Vibration Criteria for Sensitive Facilities
Figure 4 shows metrology room and adjacent room vibration levels compared to published vibration criteria for sensitive facilities. Vibration criteria curves A- E are described as follows:
• VCA --Adequate for medium- to high-power optical microscopes (400X), microbalances, optical balances, and similar specialized equipment.
• VCB --Adequate for high-power optical microscopes (1000X), inspection and lithography equipment to 3-micron line widths.
• VCC--Appropriate for most lithography and inspection equipment to 1-micron detail size.
• VCD --Suitable in most instances for the most demanding equipment, including electron microscopes operating to the limits of their capability.
• VCE --The most demanding criterion for extremely vibration-sensitive equipment.
The data in Figure 4 shows that the metrology room floor is currently at the most demanding criterion (VCE) for extremely vibration-sensitive equipment. Even the floor adjacent to the metrology room is at VCC, which is suitable to 1-micron tolerance.
Figure 5 shows vibration velocity of the metrology table itself with HVAC on and off. This data shows that vibration levels on the table are substantially higher than the floor itself which indicates that either the table vibration isolators are not properly adjusted, or they are not properly specified for this vibration frequency range. However, even with this higher vibration level, table vibration levels are at the VCD criterion which is suitable for the most demanding equipment. As expected, the vibration excitation due to noise is relatively small at relatively high frequencies (315 Hz).
Noise levels were measured in one third octave frequency bands in the metrology room and the room adjacent to the metrology room. Figure 6 shows these measured data, expressed in octave frequency bands for comparison with the “NC” Criteria. The “NC” Criteria are a published set of frequency based noise levels which are paired with descriptions of spaces suitable for such noise levels.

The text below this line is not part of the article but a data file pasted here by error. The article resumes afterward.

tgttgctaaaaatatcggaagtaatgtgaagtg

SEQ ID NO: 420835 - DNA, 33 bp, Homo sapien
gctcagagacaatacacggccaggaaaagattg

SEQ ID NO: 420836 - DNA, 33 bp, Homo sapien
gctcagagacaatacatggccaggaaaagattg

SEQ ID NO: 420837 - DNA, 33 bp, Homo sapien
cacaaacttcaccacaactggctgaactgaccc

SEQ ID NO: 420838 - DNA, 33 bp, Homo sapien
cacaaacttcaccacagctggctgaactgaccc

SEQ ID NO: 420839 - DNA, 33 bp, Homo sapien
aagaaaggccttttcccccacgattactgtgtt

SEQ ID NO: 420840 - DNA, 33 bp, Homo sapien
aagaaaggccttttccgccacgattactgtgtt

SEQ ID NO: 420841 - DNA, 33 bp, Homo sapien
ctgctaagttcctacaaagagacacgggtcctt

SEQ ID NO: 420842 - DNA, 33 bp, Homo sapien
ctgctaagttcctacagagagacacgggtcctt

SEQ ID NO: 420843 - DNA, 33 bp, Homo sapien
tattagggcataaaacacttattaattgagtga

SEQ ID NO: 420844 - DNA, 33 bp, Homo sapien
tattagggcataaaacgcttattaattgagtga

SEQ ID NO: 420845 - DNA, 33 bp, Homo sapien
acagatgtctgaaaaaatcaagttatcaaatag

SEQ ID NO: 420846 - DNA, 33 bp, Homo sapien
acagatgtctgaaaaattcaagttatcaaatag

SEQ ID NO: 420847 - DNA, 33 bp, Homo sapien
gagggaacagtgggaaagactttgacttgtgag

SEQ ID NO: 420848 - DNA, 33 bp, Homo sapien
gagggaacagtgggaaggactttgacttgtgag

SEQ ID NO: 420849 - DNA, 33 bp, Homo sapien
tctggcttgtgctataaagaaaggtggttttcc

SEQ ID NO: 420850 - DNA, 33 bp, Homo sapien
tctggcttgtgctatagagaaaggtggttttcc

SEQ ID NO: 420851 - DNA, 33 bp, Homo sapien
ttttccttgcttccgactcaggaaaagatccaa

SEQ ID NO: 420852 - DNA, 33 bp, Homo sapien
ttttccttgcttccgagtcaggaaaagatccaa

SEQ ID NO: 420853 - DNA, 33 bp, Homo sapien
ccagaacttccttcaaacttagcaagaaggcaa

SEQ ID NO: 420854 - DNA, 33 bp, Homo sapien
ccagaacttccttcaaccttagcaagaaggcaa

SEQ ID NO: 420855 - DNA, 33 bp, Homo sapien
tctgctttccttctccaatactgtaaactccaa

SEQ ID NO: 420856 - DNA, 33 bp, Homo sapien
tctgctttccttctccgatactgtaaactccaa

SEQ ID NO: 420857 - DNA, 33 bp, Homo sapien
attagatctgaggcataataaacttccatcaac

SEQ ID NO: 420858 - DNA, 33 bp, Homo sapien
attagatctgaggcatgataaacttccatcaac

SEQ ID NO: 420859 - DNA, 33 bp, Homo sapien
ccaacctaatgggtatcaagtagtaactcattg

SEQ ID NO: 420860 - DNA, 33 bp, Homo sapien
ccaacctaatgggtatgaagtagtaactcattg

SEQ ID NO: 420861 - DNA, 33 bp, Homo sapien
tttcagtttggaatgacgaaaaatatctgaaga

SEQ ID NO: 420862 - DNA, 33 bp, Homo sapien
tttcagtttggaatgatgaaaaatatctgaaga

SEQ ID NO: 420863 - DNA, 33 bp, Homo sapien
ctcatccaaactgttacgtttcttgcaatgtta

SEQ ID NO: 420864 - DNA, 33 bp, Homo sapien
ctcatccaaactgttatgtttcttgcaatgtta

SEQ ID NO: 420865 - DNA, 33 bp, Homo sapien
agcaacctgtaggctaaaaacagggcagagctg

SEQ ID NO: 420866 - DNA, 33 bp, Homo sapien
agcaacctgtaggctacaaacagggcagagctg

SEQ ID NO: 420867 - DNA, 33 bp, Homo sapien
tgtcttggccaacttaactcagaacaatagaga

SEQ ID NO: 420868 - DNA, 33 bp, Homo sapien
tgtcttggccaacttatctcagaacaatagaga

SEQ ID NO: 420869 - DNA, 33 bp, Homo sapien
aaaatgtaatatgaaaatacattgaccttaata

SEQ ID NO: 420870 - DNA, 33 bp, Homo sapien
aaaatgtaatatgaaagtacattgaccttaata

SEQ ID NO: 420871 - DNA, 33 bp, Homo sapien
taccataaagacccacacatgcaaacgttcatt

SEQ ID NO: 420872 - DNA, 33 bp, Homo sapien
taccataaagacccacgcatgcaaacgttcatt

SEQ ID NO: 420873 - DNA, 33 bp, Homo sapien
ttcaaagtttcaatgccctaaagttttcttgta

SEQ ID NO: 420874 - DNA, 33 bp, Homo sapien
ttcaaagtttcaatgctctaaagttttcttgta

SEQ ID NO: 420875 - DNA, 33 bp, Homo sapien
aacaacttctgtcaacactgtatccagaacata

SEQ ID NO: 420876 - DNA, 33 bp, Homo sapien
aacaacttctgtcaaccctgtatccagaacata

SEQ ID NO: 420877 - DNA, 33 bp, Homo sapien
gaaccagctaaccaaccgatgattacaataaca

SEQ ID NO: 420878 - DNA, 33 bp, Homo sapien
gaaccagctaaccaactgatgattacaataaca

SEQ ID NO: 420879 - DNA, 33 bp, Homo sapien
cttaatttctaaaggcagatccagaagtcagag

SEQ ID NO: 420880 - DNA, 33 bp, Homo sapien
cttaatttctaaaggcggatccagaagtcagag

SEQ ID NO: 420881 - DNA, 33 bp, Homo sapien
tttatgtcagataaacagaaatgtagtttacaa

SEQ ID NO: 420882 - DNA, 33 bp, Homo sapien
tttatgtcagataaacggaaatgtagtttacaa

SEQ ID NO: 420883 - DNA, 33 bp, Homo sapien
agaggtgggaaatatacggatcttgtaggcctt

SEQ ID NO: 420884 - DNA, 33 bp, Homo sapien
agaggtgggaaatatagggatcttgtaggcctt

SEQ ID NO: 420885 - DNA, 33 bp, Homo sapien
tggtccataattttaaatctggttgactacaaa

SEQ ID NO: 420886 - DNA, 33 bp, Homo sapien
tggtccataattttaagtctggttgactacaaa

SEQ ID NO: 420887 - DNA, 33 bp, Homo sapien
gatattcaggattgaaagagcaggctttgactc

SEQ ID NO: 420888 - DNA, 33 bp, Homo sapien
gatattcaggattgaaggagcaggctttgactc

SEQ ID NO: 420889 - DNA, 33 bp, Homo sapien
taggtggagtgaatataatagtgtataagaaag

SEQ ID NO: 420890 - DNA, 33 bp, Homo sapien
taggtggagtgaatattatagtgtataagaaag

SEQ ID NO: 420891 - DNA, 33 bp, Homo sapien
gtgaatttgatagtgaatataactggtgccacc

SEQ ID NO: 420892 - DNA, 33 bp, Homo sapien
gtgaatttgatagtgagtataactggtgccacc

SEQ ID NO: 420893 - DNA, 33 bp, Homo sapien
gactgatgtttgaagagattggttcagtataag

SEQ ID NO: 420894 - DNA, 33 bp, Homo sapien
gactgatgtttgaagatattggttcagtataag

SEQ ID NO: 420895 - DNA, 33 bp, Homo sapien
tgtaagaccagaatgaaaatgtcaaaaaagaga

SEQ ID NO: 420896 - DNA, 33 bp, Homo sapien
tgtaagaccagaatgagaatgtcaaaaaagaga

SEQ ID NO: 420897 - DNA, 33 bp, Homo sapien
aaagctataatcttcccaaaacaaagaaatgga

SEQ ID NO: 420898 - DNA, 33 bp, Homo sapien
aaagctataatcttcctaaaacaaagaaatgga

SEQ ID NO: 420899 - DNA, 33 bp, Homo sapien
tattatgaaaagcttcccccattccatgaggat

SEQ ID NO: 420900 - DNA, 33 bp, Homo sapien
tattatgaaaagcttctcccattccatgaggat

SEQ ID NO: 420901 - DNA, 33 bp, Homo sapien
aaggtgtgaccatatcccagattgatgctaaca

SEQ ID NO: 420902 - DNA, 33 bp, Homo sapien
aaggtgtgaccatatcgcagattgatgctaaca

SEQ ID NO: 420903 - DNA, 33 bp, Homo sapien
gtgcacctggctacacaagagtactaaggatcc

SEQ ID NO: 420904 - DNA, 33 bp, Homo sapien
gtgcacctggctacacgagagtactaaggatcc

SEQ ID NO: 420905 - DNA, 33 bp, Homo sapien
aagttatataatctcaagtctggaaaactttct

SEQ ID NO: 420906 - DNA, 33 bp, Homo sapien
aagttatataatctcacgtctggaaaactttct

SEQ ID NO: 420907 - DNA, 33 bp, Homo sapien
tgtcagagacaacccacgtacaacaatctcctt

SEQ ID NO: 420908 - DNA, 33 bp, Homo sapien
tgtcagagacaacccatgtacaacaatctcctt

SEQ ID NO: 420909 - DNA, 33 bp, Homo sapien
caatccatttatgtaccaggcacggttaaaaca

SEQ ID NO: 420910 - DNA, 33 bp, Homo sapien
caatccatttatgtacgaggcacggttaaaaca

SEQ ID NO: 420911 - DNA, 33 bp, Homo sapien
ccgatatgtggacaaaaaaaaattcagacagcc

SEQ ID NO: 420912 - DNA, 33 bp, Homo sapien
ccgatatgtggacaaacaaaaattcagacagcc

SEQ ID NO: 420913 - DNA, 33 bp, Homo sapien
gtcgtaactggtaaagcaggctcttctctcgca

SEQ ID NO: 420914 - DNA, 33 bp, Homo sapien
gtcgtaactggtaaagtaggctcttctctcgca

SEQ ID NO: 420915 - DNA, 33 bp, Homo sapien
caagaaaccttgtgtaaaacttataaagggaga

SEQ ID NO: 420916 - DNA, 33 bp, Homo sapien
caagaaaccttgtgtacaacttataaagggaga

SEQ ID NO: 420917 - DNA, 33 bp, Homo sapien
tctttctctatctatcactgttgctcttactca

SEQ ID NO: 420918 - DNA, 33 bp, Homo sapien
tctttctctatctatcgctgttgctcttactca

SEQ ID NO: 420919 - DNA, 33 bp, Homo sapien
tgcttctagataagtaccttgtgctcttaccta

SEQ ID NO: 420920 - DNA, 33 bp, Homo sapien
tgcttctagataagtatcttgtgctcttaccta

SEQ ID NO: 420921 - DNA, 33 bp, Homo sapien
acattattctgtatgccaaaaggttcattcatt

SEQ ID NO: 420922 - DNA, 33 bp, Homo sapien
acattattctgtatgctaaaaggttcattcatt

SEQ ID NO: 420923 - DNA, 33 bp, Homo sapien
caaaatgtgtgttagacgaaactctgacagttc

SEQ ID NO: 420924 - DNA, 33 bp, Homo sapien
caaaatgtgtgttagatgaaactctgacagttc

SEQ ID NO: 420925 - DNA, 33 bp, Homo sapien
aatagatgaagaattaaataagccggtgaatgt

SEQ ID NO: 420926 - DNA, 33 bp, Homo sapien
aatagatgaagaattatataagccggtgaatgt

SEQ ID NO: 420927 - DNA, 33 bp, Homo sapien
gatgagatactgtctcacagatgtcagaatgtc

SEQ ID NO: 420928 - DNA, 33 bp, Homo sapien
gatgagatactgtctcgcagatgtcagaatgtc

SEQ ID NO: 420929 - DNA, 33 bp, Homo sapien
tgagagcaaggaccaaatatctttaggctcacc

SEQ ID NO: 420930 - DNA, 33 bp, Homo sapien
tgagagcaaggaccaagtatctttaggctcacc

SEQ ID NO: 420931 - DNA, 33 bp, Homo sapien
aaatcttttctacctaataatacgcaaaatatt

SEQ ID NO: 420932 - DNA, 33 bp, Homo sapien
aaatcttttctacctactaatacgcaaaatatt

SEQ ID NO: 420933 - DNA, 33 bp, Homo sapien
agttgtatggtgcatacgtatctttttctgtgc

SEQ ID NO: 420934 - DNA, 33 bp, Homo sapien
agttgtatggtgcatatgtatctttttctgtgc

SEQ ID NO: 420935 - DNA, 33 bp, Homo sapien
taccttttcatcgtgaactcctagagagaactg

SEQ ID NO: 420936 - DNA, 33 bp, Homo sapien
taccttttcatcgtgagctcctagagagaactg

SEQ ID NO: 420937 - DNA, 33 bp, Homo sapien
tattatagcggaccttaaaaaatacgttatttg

The room adjacent to the metrology room was at NC-60, which corresponds with “workspaces in which continuous speech communication and telephone are not required.” This is the highest NC level.
With HVAC off, the metrology room was at NC 40 which corresponds to “library.” With HVAC on, the metrology room was at NC 45 which corresponds to “laboratories.”
Summary and Recommendations
In summary, based on the measured data and analysis, relocating the vacuum pump 20’ to 30’ from the metrology room would keep vacuum pump vibration levels at or below existing vibration levels in the room adjacent to the metrology room. Assuming the previously discussed floating floor performance, metrology room vibration levels should be unchanged from current conditions.
I recommend that vibration measurements be conducted again after the equipment is relocated in order to verify the vibration levels discussed in this report. I also recommend that the vibration isolaters of the metrology room table be evaluated in terms of proper adjustment and/or specifications. In addition, it may be helpful to conduct vibration tests on the metrology measurements themselves (e.g., to failure) in order to establish more definitive vibration criteria for this facility. For example, it may be that the metrology measurements are more sensitive to other factors besides vibration. This information would be useful for other future potential relocations of equipment.